Yamaha YHT-591 HTIB Page 2
The remote is basic, old-fashioned, and does not include an LCD or any other fancy stuff. Still, the controls are well organized by color, background, and shape—I counted no fewer than seven different button shapes. Although the volume keys are larger than the rest, they could have been larger still, and I’d also add learning capability. But this remote is still better than one you’d get with a lot of pricier products.
Here’s an important note about the onscreen graphic user interface. This receiver doesn’t have one. You have to squint at the front panel when you choose the settings. Of course, you can mitigate this shortcoming if you use the automatic setup mode.
I only used one piece of associated gear for this review—the Panasonic DMP-BD55 Blu-ray player. I used this for Blu-rays (all movie demos) and CDs (all music demos).
To my surprise and pleasure, the system immediately established a high comfort level. Its sins were mostly those of omission. The top end was definitely rolled off, the midrange could be a little gauzy, and the sub’s dominant frequencies were eternally obvious. The crossover between the speakers’ 2.25-inch woofers (calling them woofers may be stretching the definition a little) and the sub’s 10-inch driver was also less than perfect. But while the system didn’t have a lot of sparkle or whomp, it did offer a polite top end, a midrange that was always warm and sometimes involving, and a soundfield of decent proportions, with no glaring timbre shifts among the five speakers.
Defiance uses Dolby TrueHD to tell the story of an ad hoc community of Jews who survive World War II in the harsh forests of what is now known as the Ukraine. The key sonic element is Joshua Bell, who adds eloquent solo violin to an orchestra that’s vague (a common characteristic of soundtrack recordings) but agreeably smooth and full. The timbre-matched speakers made it spread throughout the soundfield without collapsing. Voices could have resounded more in the outdoor setting—this lack of ambience may have been one of the few drawbacks of the reticent top end. Still, they were clear enough, especially since you can play the system consistently loud without ill effects.
Let the Right One In, in DTS-HD Master Audio, is a vampire story that kept me in suspense. Were these blood-lusting Swedes really vampires, or did they just think they were vampires as they launched themselves at their neighbors’ necks? The orchestral soundtrack, enhanced by solo guitar over the end credits, is practically a character in itself. It establishes a wistful humanity that offsets the story’s Nordic bleakness and troubled characters. The sub’s dominant frequencies could be a bit aggressive in musical peaks and even in small effects like a car driving away. I knocked the volume down from 40 percent of the maximum setting to 33 percent.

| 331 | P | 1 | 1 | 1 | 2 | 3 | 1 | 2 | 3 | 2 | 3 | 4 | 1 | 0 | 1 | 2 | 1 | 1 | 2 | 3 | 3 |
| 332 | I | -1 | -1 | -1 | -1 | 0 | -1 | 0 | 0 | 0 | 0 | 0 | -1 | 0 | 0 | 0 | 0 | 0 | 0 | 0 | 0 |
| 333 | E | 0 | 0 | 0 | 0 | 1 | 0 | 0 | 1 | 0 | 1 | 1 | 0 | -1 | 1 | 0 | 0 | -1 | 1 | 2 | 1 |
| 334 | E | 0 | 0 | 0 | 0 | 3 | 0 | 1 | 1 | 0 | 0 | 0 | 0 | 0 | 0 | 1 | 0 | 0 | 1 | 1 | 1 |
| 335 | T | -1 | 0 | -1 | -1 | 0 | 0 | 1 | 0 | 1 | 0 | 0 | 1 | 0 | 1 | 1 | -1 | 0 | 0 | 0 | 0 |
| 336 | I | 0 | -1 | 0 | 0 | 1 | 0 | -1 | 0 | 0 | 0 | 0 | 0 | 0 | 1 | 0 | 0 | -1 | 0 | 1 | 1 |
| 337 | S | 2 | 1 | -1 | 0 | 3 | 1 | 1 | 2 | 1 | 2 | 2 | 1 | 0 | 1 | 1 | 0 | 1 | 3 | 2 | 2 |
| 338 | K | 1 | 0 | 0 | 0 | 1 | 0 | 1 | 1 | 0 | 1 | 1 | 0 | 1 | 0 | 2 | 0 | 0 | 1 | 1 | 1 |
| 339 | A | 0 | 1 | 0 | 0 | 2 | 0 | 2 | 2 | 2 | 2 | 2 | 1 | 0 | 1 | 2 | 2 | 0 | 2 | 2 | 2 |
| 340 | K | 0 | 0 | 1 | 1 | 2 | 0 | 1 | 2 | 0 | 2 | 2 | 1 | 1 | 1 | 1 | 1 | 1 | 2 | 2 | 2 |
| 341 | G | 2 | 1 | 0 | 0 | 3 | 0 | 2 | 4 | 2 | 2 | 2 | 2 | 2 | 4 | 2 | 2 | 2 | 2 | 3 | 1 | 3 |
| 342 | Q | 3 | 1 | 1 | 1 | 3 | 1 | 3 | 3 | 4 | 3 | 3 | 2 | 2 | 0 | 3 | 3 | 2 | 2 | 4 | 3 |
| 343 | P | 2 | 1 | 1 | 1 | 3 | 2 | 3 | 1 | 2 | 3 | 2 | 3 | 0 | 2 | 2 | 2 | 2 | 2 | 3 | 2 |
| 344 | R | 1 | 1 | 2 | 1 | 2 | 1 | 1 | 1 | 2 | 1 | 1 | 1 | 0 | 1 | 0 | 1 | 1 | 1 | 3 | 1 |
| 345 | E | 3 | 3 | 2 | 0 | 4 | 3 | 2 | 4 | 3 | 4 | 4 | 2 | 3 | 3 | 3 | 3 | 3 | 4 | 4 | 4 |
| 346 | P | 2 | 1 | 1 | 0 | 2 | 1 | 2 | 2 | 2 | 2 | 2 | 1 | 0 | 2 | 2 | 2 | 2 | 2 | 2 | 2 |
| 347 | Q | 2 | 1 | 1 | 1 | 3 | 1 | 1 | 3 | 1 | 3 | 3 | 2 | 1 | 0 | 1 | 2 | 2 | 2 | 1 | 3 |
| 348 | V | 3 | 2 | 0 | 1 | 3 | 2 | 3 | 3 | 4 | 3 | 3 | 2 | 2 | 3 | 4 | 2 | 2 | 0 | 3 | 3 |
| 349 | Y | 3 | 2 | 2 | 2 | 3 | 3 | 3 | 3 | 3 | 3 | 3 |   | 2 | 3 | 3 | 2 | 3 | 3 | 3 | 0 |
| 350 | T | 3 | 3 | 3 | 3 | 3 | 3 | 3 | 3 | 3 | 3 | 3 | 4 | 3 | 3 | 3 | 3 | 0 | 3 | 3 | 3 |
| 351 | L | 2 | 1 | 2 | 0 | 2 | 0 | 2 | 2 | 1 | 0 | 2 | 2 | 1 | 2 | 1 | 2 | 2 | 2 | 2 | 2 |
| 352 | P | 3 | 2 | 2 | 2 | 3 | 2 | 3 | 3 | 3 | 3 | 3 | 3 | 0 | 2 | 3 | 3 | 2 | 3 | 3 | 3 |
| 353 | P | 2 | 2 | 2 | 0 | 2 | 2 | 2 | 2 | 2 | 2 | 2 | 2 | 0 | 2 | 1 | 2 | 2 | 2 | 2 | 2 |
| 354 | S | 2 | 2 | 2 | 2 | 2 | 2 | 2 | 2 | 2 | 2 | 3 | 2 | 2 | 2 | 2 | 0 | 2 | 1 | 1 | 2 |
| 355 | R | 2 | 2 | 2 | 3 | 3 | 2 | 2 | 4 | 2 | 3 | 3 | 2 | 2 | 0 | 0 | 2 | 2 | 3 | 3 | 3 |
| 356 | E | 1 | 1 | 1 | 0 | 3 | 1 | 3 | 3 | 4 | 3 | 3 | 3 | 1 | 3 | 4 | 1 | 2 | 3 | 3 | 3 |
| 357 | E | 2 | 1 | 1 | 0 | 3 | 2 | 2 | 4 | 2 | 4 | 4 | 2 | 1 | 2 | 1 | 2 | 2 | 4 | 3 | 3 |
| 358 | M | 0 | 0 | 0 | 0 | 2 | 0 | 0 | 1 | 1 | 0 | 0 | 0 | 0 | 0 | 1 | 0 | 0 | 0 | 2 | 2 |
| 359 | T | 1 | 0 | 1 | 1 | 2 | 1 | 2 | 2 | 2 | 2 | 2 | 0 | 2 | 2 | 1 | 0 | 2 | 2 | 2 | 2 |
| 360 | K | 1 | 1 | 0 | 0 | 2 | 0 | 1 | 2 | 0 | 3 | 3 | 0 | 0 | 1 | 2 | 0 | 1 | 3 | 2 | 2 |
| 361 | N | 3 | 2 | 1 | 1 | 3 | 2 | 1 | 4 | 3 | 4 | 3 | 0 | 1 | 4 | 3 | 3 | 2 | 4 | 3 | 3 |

College Road Trip, in multichannel PCM, stars Martin Lawrence as a control-freak dad who drives his daughter to college-admission interviews with a menacing pet pig. The dynamics are limited, as they typically are in B-grade comedy. However, the music is well integrated and it sounded good, especially in the bus karaoke scene.
Boats, Punks, and the Perfect Marriage
While it’s not terribly detailed on the frequency spectrum, the system’s midrange is as comfortable as an old shoe. My musical demos didn’t induce a single moment of pain. In Guy Clark’s Boats to Build, mandolin and slide guitar solos came to the fore, while the remainder of the acoustic-guitar-centered arrangements were perhaps too defocused. The speakers emphasized the nasal quality of Clark’s voice, but they didn’t suppress his occasional rasp. At low volumes, the rhythm section had an acceptable balance. But at higher ones, the sub’s dominant frequencies were more audible. With all material, the system fared better in the Dolby Pro Logic II Music mode than in stereo—cutting down to two-channel collapsed the soundstage. Favorite lyric from “Picasso’s Mandolin”: “He’s born in Spain and died in France. He was not scared of baggy pants.”
The Peel Sessions Album by Gang of Four emphasized the system’s strong suit—its ability to make harsh material palatable. At this stage of their career, with their second album about to emerge, these punk pioneers went in for a hard electric edge and no frills. This BBC studio recording goes with the flow, with almost no reverb at the outset, although some creeps in later. The fabric-domed tweeters pleasantly sugar-coated Andy Gill’s vigorous electric guitar riffing and Hugo Burnham’s exuberant cymbal smashes. When Burnham launches into his awesome rolling drum part in “Guns Before Butter,” the sub kept up. However, this was after I raised the sub volume from one-third to just over one-half of its range.
By following the medical precept of “do no harm,” the Yamaha did a lot of good with my favorite recording of my favorite piano concerto—Brahms’ Piano Concerto No. 2, as performed by Rudolf Serkin, George Szell, and the Cleveland Orchestra. Simply put, I played it loud, and it didn’t hurt. If not exactly transparent, the presentation was certainly lucid, especially in the strings and the piano’s middle keys, where most of the melodies reside. Serkin and Szell are a perfect marriage of minds. I never had a sense that the piano soloist and conductor were egotistically pulling away from each other. This old CD still moves me.
With the YHT-591, Yamaha establishes a modest and reasonable set of goals and meets them well. The speaker enclosures and tweeters are of unexpectedly good quality. You get your money’s worth. In fact, you could spend the same amount of money and do far worse.